While on hold I was treated to several propaganda messages, which were recordings of people claiming to be Glaxo scientists and other employees. One "scientist" said "I want to cure cancer. Is that ambitious? Yes. Would you want it any other way?" Then the voiceover says "Glaxo SmithKline. Today's medicines, tomorrow's miracles." The underlying message is "we are working to cure cancer and the high prices of today's medicines finance this research."


The last message I heard while on hold featured how swell operators were at GSK in doing their jobs helping people who call GSK with questions. The take away was "We don't hang up until you have answers." There was hope for my case!


Anyway, when Nikki came back it was apparent that I wasn't going to get the answers to my questions.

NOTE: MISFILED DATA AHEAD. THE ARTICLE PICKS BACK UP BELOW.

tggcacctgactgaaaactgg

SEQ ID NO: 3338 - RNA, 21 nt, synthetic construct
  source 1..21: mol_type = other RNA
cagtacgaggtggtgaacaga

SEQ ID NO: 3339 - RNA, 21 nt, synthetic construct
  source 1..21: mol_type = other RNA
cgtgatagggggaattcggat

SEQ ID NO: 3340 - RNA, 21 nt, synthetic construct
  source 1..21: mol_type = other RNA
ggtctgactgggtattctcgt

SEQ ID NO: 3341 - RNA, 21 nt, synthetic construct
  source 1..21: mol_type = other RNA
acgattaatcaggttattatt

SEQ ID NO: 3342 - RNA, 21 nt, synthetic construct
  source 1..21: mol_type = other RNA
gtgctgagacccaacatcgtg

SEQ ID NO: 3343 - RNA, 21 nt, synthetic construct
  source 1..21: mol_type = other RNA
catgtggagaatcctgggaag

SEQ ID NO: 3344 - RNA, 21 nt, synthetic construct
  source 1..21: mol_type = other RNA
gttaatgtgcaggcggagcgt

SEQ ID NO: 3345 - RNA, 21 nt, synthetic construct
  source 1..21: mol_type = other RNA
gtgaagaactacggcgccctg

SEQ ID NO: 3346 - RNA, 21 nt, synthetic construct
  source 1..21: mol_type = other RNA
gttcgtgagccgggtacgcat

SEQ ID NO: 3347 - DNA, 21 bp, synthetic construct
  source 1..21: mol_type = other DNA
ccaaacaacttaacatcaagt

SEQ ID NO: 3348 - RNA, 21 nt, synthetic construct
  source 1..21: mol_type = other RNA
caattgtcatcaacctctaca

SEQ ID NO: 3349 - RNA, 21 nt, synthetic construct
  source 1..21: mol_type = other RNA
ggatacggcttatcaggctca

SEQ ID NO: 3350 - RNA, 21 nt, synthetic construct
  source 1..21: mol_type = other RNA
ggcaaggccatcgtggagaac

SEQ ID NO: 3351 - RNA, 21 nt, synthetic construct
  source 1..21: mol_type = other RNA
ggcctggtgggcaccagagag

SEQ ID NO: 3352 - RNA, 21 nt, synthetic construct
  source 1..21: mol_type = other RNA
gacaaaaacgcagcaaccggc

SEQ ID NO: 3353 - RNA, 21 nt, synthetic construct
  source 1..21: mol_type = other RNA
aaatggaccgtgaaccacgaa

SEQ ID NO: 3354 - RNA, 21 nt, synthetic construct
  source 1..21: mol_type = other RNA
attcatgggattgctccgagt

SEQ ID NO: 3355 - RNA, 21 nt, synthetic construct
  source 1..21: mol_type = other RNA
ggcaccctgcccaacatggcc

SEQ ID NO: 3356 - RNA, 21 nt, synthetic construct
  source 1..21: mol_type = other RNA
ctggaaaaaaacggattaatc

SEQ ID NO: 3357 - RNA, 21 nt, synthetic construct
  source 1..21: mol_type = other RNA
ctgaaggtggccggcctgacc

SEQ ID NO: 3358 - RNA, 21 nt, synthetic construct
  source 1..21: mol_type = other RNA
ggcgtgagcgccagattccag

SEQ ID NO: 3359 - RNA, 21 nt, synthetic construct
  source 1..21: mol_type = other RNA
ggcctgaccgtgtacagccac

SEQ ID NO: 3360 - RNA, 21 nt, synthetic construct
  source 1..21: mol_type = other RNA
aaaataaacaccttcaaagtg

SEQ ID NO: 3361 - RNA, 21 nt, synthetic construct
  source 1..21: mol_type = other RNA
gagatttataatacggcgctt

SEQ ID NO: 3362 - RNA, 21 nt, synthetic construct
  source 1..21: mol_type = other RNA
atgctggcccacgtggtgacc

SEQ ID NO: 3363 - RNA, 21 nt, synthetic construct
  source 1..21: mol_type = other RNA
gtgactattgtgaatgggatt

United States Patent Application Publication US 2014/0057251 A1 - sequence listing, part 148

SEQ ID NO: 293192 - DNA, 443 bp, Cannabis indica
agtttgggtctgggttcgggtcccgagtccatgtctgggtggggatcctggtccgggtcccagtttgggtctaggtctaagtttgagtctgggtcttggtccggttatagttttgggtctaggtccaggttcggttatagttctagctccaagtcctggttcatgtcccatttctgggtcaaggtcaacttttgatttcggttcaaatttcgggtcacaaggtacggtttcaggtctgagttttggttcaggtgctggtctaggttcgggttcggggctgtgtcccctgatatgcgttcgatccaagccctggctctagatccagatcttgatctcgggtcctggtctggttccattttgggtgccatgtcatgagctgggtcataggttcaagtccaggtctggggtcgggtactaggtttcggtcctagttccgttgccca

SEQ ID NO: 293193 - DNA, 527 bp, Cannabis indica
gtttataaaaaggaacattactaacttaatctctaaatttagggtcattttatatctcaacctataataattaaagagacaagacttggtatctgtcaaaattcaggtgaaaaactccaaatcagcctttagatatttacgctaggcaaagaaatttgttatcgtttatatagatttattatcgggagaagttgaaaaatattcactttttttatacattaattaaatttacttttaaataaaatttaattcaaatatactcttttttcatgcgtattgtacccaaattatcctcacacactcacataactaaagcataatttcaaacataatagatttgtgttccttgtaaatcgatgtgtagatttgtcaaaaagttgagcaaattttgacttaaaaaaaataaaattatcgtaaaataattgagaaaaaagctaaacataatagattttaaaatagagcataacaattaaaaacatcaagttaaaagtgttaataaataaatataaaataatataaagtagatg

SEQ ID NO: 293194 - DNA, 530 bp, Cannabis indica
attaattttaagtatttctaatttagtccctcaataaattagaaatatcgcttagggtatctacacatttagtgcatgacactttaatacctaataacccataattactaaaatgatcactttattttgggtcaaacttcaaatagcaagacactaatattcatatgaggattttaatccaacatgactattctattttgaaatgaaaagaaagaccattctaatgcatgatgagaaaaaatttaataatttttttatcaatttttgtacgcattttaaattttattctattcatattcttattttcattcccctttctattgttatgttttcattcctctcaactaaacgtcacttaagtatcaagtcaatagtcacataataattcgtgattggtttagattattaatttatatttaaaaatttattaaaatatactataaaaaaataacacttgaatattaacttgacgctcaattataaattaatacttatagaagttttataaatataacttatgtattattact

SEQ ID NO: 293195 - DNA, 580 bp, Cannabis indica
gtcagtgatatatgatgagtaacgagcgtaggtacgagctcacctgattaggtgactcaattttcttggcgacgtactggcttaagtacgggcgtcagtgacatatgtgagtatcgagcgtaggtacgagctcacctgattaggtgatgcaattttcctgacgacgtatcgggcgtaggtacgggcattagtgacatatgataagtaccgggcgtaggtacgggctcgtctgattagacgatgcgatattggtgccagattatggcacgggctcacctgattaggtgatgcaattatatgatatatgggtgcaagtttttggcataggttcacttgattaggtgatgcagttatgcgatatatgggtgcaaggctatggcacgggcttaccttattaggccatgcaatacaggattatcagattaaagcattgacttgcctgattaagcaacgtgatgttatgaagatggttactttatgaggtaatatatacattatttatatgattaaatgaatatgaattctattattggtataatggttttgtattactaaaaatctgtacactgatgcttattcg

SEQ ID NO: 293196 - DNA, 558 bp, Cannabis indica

At first, Nikki directed me to the privacy policy on mensfacts.com, which I interpreted as the ultimate brush off.


But then she said "it is certainly surprising to us that you were called. Because that definitely shouldn'’t have happened. We apologize." That was a start and again I was hopeful.


Hope was dashed, however, when Nikki said she wanted to do more "research" about "our policy and how this program works regarding your information." She asked if she could call me back at the number I supplied after she gathered more information. I said yes.


The Second Call